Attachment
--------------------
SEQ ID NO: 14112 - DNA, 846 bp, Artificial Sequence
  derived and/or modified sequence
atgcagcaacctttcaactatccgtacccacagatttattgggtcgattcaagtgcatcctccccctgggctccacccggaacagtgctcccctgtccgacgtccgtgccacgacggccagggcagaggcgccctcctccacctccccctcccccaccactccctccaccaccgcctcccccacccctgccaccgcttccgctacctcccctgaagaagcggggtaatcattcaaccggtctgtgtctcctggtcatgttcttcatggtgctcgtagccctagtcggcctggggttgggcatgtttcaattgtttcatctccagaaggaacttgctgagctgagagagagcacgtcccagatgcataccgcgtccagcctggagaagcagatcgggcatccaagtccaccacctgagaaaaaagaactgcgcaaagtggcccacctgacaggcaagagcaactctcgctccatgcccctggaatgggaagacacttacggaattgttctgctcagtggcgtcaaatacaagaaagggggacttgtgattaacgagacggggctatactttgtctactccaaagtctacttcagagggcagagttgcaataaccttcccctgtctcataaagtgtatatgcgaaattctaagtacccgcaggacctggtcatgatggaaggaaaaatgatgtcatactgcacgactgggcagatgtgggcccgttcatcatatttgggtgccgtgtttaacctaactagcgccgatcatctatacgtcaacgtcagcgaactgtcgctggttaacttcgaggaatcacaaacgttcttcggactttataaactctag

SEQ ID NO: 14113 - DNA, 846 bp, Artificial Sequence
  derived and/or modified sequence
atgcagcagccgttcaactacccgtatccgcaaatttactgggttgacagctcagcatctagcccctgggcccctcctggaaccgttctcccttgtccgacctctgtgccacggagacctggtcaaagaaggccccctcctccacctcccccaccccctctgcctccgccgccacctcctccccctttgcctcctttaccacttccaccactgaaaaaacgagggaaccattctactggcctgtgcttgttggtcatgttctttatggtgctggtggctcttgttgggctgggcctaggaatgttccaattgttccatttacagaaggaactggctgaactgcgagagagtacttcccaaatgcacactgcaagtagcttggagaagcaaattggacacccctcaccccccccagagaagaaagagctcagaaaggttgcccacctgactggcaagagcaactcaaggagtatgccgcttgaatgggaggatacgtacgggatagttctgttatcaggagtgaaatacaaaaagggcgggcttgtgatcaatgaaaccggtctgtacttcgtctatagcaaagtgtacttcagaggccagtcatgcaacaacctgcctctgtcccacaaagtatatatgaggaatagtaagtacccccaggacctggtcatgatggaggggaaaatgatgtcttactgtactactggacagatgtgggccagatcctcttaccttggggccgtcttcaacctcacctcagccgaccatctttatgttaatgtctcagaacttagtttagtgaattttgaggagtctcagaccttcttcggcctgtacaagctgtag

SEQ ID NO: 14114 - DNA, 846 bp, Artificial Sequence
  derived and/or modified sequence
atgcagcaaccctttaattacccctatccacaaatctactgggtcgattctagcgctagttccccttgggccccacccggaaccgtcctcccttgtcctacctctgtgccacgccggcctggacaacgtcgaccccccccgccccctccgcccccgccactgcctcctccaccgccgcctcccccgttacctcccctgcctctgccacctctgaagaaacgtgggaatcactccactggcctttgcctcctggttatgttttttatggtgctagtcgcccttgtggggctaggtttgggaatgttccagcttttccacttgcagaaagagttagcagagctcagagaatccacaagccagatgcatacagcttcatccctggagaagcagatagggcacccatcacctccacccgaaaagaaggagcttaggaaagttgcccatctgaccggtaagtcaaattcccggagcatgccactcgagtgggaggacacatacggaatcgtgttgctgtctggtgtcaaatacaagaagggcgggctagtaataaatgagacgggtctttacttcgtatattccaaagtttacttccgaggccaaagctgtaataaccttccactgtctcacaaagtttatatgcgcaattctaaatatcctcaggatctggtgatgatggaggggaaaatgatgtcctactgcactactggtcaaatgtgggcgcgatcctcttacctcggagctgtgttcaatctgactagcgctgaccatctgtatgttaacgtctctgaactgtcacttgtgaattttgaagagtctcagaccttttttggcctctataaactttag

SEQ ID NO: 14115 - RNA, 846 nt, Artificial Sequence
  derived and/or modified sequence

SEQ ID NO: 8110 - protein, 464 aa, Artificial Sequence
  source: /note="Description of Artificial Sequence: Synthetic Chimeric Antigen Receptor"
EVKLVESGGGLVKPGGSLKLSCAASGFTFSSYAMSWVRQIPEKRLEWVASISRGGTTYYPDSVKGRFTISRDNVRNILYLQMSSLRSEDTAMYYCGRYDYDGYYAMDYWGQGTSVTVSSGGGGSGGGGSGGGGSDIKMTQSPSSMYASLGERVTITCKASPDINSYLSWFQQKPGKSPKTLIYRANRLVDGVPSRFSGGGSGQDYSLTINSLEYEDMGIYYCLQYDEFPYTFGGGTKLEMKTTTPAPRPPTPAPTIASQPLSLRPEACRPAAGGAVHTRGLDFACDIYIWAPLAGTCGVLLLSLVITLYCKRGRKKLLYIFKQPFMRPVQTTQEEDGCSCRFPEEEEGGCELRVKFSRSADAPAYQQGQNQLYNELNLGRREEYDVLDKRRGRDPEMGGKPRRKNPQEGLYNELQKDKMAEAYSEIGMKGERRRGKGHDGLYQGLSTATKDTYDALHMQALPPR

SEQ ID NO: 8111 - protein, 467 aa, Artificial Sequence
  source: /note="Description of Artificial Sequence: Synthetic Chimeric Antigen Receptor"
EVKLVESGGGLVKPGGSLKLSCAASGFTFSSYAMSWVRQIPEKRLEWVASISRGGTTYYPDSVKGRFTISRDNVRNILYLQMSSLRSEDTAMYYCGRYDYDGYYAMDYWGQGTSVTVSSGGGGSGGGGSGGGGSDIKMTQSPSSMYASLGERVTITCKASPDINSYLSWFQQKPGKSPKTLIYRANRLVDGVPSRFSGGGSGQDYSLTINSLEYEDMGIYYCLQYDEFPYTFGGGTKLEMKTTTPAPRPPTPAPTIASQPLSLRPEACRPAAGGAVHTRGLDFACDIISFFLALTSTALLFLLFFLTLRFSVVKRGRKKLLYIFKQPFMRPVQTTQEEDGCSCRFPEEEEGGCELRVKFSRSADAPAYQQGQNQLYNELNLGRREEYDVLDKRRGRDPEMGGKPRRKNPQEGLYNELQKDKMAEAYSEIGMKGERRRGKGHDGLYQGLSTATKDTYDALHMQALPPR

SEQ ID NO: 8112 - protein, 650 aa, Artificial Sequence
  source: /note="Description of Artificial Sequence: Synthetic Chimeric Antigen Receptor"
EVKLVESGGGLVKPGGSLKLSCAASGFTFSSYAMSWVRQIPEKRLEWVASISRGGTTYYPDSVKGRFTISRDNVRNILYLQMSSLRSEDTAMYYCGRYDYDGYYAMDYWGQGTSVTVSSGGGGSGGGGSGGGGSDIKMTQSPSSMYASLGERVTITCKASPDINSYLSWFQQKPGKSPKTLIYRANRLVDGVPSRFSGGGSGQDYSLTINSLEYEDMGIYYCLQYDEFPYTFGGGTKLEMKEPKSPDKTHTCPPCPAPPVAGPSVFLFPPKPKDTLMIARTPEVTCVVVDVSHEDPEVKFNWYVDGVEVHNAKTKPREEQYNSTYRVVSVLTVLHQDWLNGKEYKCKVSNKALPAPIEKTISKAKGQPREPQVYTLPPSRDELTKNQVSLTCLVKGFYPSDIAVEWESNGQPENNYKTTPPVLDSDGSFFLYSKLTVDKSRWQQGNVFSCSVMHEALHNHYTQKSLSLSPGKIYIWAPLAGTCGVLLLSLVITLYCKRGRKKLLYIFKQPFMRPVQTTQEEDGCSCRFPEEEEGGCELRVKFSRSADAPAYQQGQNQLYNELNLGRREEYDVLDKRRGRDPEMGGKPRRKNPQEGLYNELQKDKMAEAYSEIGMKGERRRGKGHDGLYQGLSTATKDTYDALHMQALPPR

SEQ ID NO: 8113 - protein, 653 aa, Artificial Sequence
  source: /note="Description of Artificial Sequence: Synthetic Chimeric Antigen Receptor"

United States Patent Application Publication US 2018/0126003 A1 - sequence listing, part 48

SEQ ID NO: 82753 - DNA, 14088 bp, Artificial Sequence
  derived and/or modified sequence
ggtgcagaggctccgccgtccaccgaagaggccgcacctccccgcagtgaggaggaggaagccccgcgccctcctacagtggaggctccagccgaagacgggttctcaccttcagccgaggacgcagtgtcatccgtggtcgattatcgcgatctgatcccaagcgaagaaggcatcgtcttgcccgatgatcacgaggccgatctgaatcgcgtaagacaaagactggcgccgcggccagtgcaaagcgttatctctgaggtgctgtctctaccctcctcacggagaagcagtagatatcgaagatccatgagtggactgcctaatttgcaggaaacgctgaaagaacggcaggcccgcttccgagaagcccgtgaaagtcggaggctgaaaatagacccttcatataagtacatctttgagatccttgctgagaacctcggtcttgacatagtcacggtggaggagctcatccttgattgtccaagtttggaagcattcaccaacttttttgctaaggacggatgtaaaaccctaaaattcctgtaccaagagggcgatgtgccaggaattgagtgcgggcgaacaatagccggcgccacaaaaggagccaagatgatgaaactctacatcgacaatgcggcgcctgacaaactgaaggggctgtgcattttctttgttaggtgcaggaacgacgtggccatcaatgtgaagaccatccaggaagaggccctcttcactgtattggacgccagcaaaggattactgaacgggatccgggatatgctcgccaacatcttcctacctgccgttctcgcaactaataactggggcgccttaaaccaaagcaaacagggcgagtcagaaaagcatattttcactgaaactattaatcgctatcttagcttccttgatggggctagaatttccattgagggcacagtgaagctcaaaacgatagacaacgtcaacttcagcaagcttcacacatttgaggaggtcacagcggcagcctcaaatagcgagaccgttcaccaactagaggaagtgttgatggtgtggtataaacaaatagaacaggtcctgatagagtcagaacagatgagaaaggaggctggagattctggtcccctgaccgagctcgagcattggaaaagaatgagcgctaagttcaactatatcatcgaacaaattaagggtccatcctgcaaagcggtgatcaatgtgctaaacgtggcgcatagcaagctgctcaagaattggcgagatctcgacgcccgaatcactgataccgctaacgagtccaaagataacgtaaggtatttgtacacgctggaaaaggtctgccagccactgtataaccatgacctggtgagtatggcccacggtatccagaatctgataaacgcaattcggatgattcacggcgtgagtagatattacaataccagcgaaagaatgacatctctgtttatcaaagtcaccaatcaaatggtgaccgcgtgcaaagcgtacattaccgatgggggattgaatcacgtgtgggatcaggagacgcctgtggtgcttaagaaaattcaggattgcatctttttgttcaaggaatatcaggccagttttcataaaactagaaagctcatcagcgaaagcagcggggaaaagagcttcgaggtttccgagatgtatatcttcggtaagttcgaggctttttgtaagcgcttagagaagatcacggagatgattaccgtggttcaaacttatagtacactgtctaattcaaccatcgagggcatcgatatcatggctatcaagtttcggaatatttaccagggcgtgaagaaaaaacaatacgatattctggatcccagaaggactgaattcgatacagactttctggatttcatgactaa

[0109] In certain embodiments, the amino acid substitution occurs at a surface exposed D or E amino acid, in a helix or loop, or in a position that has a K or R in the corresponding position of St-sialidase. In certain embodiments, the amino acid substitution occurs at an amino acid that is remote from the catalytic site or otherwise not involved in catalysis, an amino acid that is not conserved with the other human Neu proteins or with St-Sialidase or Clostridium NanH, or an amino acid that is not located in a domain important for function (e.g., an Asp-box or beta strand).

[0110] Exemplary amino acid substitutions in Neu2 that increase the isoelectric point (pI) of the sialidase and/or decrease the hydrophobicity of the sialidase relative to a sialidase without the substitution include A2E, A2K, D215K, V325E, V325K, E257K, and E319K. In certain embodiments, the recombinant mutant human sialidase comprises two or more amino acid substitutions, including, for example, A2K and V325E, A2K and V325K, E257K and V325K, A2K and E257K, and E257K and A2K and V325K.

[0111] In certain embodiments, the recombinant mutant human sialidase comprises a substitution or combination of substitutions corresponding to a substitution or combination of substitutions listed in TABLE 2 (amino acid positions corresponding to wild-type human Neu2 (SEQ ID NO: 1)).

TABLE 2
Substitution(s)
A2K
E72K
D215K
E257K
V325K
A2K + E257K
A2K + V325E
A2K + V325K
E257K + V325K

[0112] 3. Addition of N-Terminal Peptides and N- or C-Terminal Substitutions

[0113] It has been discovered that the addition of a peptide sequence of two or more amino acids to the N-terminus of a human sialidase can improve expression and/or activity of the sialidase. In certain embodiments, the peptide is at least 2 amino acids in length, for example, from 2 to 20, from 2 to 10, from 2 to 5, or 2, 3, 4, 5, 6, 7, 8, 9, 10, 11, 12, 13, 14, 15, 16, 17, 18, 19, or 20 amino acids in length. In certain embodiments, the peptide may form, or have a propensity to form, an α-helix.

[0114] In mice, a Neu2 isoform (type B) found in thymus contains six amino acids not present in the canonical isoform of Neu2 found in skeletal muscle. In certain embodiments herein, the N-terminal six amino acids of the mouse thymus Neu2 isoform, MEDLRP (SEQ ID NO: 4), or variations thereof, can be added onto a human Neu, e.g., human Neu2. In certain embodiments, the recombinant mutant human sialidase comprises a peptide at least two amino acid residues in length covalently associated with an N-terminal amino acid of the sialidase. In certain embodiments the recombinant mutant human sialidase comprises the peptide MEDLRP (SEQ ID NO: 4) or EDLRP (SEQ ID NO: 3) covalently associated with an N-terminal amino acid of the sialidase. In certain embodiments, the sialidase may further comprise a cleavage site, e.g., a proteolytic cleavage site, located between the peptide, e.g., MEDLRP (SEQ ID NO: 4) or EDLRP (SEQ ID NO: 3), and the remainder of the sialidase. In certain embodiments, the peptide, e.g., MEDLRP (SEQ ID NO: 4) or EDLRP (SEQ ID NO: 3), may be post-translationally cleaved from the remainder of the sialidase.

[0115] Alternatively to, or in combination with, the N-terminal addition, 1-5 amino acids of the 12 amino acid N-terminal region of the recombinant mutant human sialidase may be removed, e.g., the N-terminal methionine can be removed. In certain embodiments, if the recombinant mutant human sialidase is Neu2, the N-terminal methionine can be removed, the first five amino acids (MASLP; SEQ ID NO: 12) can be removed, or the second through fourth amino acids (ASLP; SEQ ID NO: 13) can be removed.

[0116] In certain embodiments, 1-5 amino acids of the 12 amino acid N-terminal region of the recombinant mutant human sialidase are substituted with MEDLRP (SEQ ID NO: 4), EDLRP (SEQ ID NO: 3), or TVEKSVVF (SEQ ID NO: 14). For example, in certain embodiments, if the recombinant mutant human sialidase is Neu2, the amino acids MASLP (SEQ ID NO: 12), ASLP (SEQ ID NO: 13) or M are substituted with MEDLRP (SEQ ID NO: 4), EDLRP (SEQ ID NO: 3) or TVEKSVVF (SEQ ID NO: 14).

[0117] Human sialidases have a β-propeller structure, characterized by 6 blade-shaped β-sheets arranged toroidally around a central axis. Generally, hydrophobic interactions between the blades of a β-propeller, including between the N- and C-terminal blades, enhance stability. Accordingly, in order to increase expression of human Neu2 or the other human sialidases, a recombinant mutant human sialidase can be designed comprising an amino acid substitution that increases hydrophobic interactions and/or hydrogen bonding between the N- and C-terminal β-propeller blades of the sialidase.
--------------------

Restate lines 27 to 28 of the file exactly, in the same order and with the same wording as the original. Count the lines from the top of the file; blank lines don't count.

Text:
[0109] In certain embodiments, the amino acid substitution occurs at a surface exposed D or E amino acid, in a helix or loop, or in a position that has a K or R in the corresponding position of St-sialidase. In certain embodiments, the amino acid substitution occurs at an amino acid that is remote from the catalytic site or otherwise not involved in catalysis, an amino acid that is not conserved with the other human Neu proteins or with St-Sialidase or Clostridium NanH, or an amino acid that is not located in a domain important for function (e.g., an Asp-box or beta strand).

[0110] Exemplary amino acid substitutions in Neu2 that increase the isoelectric point (pI) of the sialidase and/or decrease the hydrophobicity of the sialidase relative to a sialidase without the substitution include A2E, A2K, D215K, V325E, V325K, E257K, and E319K. In certain embodiments, the recombinant mutant human sialidase comprises two or more amino acid substitutions, including, for example, A2K and V325E, A2K and V325K, E257K and V325K, A2K and E257K, and E257K and A2K and V325K.